To critically analyse /appraise or evaluate, means to:
Once you have identified evidence for your search topic, you should critically appraise it. This is particularly important in medicine, nursing, pharmacy and other health sciences, where poorly conducted research can have a negative impact on patient outcomes.
Critical appraisal is the process of carefully and systematically examining research to judge its trustworthiness, and its value and relevance in a particular context. (Burls 2009, p.1)
The following resources will help inform most critical appraisal projects.
CASP checklists are widely used. See our additional guidance and examples for using CASP checklists for selected study designs:
Bibliometrics is concerned with the analysis of research based on citation counts and patterns. The individual measures used are also commonly referred to as bibliometrics, or citation metrics.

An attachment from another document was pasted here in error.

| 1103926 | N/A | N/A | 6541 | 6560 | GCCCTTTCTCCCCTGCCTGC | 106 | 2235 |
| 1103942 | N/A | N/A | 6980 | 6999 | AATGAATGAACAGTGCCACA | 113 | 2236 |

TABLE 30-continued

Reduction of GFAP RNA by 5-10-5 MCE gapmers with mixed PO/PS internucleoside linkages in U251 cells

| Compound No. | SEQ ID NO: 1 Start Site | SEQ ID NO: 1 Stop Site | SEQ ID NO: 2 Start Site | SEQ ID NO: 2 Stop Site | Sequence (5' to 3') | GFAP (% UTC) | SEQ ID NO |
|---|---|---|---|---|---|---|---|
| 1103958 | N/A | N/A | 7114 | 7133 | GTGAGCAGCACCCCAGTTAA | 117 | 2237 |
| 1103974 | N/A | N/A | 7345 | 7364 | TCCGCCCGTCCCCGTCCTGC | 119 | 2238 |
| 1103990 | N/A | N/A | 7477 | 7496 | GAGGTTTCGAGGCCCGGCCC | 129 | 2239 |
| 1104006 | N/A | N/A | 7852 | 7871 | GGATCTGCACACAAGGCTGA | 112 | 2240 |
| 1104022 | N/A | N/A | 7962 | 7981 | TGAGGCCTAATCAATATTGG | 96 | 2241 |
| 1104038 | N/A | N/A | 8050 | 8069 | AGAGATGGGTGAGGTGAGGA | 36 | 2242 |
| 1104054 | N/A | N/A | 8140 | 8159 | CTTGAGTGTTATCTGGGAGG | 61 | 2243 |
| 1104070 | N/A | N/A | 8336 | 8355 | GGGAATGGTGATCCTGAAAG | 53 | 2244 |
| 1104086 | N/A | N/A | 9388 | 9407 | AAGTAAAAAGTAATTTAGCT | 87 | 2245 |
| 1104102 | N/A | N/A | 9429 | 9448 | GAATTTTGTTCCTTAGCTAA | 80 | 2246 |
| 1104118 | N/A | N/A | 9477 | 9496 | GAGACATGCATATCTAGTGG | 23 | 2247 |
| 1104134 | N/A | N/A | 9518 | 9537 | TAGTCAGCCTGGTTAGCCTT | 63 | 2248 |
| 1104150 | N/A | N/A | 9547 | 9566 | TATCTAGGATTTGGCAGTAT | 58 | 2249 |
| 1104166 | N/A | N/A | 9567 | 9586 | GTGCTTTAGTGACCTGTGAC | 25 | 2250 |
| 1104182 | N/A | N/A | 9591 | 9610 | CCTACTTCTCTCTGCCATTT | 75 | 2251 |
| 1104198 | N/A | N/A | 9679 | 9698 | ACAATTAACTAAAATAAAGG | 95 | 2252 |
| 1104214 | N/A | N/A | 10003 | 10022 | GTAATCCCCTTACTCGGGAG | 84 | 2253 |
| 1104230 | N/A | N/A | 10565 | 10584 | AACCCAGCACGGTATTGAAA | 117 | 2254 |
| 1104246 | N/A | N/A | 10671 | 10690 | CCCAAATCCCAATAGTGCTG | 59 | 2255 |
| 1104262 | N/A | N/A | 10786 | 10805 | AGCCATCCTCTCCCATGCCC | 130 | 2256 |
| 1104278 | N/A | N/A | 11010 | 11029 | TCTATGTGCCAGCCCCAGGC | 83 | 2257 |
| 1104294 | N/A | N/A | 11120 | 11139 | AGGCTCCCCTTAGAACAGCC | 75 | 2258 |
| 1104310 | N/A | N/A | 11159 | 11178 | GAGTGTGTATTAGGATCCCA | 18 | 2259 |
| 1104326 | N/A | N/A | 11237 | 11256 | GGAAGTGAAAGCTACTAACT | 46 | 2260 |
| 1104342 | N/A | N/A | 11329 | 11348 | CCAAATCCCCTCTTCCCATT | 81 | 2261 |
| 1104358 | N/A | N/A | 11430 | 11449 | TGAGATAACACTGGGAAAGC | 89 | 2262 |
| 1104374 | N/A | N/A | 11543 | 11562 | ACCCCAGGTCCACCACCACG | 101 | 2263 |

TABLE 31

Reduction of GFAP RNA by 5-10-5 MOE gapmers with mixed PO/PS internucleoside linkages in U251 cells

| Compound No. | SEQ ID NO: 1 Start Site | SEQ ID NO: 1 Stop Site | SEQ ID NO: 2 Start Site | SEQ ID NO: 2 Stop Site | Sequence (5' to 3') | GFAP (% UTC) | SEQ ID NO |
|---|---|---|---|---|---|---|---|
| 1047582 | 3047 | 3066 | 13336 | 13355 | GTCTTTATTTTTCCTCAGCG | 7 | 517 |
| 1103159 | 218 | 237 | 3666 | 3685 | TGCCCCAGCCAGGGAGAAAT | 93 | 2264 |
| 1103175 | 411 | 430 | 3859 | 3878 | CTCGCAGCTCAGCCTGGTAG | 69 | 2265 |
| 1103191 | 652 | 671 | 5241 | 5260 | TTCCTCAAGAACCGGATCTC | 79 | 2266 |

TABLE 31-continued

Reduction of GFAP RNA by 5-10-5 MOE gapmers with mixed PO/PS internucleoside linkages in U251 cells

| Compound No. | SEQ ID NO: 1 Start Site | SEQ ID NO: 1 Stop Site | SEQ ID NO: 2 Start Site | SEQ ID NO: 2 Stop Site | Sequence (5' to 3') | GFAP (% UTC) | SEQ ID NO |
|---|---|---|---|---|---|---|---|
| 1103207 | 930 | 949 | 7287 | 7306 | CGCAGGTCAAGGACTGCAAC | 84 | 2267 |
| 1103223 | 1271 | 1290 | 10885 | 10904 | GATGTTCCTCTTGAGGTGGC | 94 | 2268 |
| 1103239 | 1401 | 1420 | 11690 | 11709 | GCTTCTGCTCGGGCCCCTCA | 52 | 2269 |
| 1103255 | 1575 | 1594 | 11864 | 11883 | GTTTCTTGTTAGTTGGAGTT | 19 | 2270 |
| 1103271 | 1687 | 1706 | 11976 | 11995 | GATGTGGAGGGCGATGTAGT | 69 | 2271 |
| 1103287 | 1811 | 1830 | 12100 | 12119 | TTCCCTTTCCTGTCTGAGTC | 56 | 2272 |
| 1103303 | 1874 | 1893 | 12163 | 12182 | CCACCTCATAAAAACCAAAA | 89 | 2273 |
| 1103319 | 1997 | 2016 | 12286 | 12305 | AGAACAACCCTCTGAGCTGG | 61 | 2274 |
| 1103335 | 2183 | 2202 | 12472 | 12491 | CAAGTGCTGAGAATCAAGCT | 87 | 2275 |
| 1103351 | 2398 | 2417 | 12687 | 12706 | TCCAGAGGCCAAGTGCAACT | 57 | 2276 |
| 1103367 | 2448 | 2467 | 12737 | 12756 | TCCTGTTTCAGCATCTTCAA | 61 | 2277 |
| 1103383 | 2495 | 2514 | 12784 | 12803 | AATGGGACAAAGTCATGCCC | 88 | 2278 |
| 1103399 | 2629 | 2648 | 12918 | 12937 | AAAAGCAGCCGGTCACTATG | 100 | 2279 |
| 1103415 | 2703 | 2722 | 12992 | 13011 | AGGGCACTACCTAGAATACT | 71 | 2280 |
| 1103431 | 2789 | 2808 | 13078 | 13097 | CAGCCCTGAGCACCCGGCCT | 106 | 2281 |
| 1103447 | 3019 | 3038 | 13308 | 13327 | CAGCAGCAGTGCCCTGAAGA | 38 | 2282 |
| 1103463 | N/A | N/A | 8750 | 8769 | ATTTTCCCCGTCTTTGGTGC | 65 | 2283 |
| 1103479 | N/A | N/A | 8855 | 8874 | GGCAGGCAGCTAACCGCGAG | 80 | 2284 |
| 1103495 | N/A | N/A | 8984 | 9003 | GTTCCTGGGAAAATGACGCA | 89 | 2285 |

There are checklists available, which can help you to determine if a source of information is reliable. We recommend the following:
WHAT is the resource (book, article or website)?
WHO is the author (are they a qualified person or organisation)?
WHY has the resource been written (to try and sell you something, or persuade you to do something)?
WHEN was it published or updated?
WHERE is the information from (is it from a peer reviewed journal or an anonymous blog post)?
A method called lateral reading involves reading about a source (e.g. website) on other trustworthy websites, such as fact-checking sites (e.g. Politfact). You should look outside the website, and don't just rely on the 'About us' section.